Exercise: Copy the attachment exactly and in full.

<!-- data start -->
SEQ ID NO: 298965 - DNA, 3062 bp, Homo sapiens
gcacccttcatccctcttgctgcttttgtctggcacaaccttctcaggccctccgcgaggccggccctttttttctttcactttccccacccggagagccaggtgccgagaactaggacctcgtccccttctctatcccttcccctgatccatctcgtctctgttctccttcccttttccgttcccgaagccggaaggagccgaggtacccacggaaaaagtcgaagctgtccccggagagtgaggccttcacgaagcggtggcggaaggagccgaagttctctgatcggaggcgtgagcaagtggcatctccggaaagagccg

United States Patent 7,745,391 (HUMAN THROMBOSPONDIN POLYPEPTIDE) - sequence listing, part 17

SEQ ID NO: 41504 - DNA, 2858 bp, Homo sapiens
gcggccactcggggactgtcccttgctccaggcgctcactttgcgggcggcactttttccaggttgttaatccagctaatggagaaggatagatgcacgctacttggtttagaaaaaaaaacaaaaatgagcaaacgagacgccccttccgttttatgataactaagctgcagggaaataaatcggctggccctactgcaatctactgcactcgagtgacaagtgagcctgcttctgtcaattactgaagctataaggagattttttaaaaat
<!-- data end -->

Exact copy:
SEQ ID NO: 298965 - DNA, 3062 bp, Homo sapiens
gcacccttcatccctcttgctgcttttgtctggcacaaccttctcaggccctccgcgaggccggccctttttttctttcactttccccacccggagagccaggtgccgagaactaggacctcgtccccttctctatcccttcccctgatccatctcgtctctgttctccttcccttttccgttcccgaagccggaaggagccgaggtacccacggaaaaagtcgaagctgtccccggagagtgaggccttcacgaagcggtggcggaaggagccgaagttctctgatcggaggcgtgagcaagtggcatctccggaaagagccg

United States Patent 7,745,391 (HUMAN THROMBOSPONDIN POLYPEPTIDE) - sequence listing, part 17

SEQ ID NO: 41504 - DNA, 2858 bp, Homo sapiens
gcggccactcggggactgtcccttgctccaggcgctcactttgcgggcggcactttttccaggttgttaatccagctaatggagaaggatagatgcacgctacttggtttagaaaaaaaaacaaaaatgagcaaacgagacgccccttccgttttatgataactaagctgcagggaaataaatcggctggccctactgcaatctactgcactcgagtgacaagtgagcctgcttctgtcaattactgaagctataaggagattttttaaaaat